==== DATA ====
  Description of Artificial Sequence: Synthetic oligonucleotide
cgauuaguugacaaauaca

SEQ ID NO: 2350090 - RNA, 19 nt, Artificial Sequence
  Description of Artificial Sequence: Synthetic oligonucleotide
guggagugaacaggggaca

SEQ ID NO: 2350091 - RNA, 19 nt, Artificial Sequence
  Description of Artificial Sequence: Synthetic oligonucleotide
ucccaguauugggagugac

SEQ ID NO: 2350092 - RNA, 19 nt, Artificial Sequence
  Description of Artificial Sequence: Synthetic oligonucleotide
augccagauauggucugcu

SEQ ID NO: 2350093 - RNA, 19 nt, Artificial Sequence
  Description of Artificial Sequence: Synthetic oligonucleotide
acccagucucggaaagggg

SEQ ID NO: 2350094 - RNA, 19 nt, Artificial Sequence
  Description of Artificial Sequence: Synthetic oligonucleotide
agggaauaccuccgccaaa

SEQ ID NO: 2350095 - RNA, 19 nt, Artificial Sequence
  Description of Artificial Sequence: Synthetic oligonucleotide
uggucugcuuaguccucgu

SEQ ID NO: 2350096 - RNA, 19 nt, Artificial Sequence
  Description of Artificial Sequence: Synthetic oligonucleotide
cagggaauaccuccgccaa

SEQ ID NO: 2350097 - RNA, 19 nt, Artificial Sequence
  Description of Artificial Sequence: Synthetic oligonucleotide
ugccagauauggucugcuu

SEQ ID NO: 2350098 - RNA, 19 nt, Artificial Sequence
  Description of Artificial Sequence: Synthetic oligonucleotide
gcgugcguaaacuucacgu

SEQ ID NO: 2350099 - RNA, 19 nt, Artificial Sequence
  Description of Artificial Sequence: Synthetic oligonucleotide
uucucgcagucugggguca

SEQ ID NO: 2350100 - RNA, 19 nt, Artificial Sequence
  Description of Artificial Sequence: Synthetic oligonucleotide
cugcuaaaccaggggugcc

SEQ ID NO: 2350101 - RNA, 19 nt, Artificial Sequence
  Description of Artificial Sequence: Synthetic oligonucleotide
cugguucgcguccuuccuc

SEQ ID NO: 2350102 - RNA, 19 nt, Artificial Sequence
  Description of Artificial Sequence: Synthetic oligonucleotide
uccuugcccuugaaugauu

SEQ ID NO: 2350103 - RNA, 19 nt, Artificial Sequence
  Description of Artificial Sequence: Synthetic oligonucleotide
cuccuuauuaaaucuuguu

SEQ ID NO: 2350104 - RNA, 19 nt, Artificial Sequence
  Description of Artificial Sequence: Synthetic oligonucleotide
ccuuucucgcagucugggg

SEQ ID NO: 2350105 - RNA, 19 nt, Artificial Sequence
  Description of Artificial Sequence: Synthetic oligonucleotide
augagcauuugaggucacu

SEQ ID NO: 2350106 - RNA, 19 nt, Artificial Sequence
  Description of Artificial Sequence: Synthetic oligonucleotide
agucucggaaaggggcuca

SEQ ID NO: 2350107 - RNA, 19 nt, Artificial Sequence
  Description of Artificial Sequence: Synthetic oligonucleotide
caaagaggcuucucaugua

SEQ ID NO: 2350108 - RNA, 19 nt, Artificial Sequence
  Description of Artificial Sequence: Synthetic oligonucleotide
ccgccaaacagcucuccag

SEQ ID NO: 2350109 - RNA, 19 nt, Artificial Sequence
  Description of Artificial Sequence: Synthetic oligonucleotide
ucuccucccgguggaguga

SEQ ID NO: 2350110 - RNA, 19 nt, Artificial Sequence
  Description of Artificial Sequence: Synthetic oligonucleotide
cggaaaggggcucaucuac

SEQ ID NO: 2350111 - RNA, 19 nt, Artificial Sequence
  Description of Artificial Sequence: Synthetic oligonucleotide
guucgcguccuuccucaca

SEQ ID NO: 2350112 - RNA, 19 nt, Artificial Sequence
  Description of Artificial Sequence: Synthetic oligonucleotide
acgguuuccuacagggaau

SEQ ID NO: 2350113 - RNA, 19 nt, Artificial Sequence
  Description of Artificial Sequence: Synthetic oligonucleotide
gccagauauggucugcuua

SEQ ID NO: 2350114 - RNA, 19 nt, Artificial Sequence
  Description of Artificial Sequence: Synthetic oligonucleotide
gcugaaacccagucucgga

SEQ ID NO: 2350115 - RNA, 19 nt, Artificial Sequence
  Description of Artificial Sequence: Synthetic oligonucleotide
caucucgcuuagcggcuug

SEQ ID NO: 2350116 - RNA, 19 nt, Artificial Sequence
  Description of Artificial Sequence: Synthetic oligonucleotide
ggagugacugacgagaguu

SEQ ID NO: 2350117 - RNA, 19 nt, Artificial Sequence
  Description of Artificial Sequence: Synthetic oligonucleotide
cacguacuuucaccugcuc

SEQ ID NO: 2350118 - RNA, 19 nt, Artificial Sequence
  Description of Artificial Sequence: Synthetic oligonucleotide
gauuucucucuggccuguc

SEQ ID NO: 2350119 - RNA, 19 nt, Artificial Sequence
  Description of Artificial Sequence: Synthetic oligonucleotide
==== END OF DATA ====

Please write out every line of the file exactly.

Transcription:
  Description of Artificial Sequence: Synthetic oligonucleotide
cgauuaguugacaaauaca

SEQ ID NO: 2350090 - RNA, 19 nt, Artificial Sequence
  Description of Artificial Sequence: Synthetic oligonucleotide
guggagugaacaggggaca

SEQ ID NO: 2350091 - RNA, 19 nt, Artificial Sequence
  Description of Artificial Sequence: Synthetic oligonucleotide
ucccaguauugggagugac

SEQ ID NO: 2350092 - RNA, 19 nt, Artificial Sequence
  Description of Artificial Sequence: Synthetic oligonucleotide
augccagauauggucugcu

SEQ ID NO: 2350093 - RNA, 19 nt, Artificial Sequence
  Description of Artificial Sequence: Synthetic oligonucleotide
acccagucucggaaagggg

SEQ ID NO: 2350094 - RNA, 19 nt, Artificial Sequence
  Description of Artificial Sequence: Synthetic oligonucleotide
agggaauaccuccgccaaa

SEQ ID NO: 2350095 - RNA, 19 nt, Artificial Sequence
  Description of Artificial Sequence: Synthetic oligonucleotide
uggucugcuuaguccucgu

SEQ ID NO: 2350096 - RNA, 19 nt, Artificial Sequence
  Description of Artificial Sequence: Synthetic oligonucleotide
cagggaauaccuccgccaa

SEQ ID NO: 2350097 - RNA, 19 nt, Artificial Sequence
  Description of Artificial Sequence: Synthetic oligonucleotide
ugccagauauggucugcuu

SEQ ID NO: 2350098 - RNA, 19 nt, Artificial Sequence
  Description of Artificial Sequence: Synthetic oligonucleotide
gcgugcguaaacuucacgu

SEQ ID NO: 2350099 - RNA, 19 nt, Artificial Sequence
  Description of Artificial Sequence: Synthetic oligonucleotide
uucucgcagucugggguca

SEQ ID NO: 2350100 - RNA, 19 nt, Artificial Sequence
  Description of Artificial Sequence: Synthetic oligonucleotide
cugcuaaaccaggggugcc

SEQ ID NO: 2350101 - RNA, 19 nt, Artificial Sequence
  Description of Artificial Sequence: Synthetic oligonucleotide
cugguucgcguccuuccuc

SEQ ID NO: 2350102 - RNA, 19 nt, Artificial Sequence
  Description of Artificial Sequence: Synthetic oligonucleotide
uccuugcccuugaaugauu

SEQ ID NO: 2350103 - RNA, 19 nt, Artificial Sequence
  Description of Artificial Sequence: Synthetic oligonucleotide
cuccuuauuaaaucuuguu

SEQ ID NO: 2350104 - RNA, 19 nt, Artificial Sequence
  Description of Artificial Sequence: Synthetic oligonucleotide
ccuuucucgcagucugggg

SEQ ID NO: 2350105 - RNA, 19 nt, Artificial Sequence
  Description of Artificial Sequence: Synthetic oligonucleotide
augagcauuugaggucacu

SEQ ID NO: 2350106 - RNA, 19 nt, Artificial Sequence
  Description of Artificial Sequence: Synthetic oligonucleotide
agucucggaaaggggcuca

SEQ ID NO: 2350107 - RNA, 19 nt, Artificial Sequence
  Description of Artificial Sequence: Synthetic oligonucleotide
caaagaggcuucucaugua

SEQ ID NO: 2350108 - RNA, 19 nt, Artificial Sequence
  Description of Artificial Sequence: Synthetic oligonucleotide
ccgccaaacagcucuccag

SEQ ID NO: 2350109 - RNA, 19 nt, Artificial Sequence
  Description of Artificial Sequence: Synthetic oligonucleotide
ucuccucccgguggaguga

SEQ ID NO: 2350110 - RNA, 19 nt, Artificial Sequence
  Description of Artificial Sequence: Synthetic oligonucleotide
cggaaaggggcucaucuac

SEQ ID NO: 2350111 - RNA, 19 nt, Artificial Sequence
  Description of Artificial Sequence: Synthetic oligonucleotide
guucgcguccuuccucaca

SEQ ID NO: 2350112 - RNA, 19 nt, Artificial Sequence
  Description of Artificial Sequence: Synthetic oligonucleotide
acgguuuccuacagggaau

SEQ ID NO: 2350113 - RNA, 19 nt, Artificial Sequence
  Description of Artificial Sequence: Synthetic oligonucleotide
gccagauauggucugcuua

SEQ ID NO: 2350114 - RNA, 19 nt, Artificial Sequence
  Description of Artificial Sequence: Synthetic oligonucleotide
gcugaaacccagucucgga

SEQ ID NO: 2350115 - RNA, 19 nt, Artificial Sequence
  Description of Artificial Sequence: Synthetic oligonucleotide
caucucgcuuagcggcuug

SEQ ID NO: 2350116 - RNA, 19 nt, Artificial Sequence
  Description of Artificial Sequence: Synthetic oligonucleotide
ggagugacugacgagaguu

SEQ ID NO: 2350117 - RNA, 19 nt, Artificial Sequence
  Description of Artificial Sequence: Synthetic oligonucleotide
cacguacuuucaccugcuc

SEQ ID NO: 2350118 - RNA, 19 nt, Artificial Sequence
  Description of Artificial Sequence: Synthetic oligonucleotide
gauuucucucuggccuguc

SEQ ID NO: 2350119 - RNA, 19 nt, Artificial Sequence
  Description of Artificial Sequence: Synthetic oligonucleotide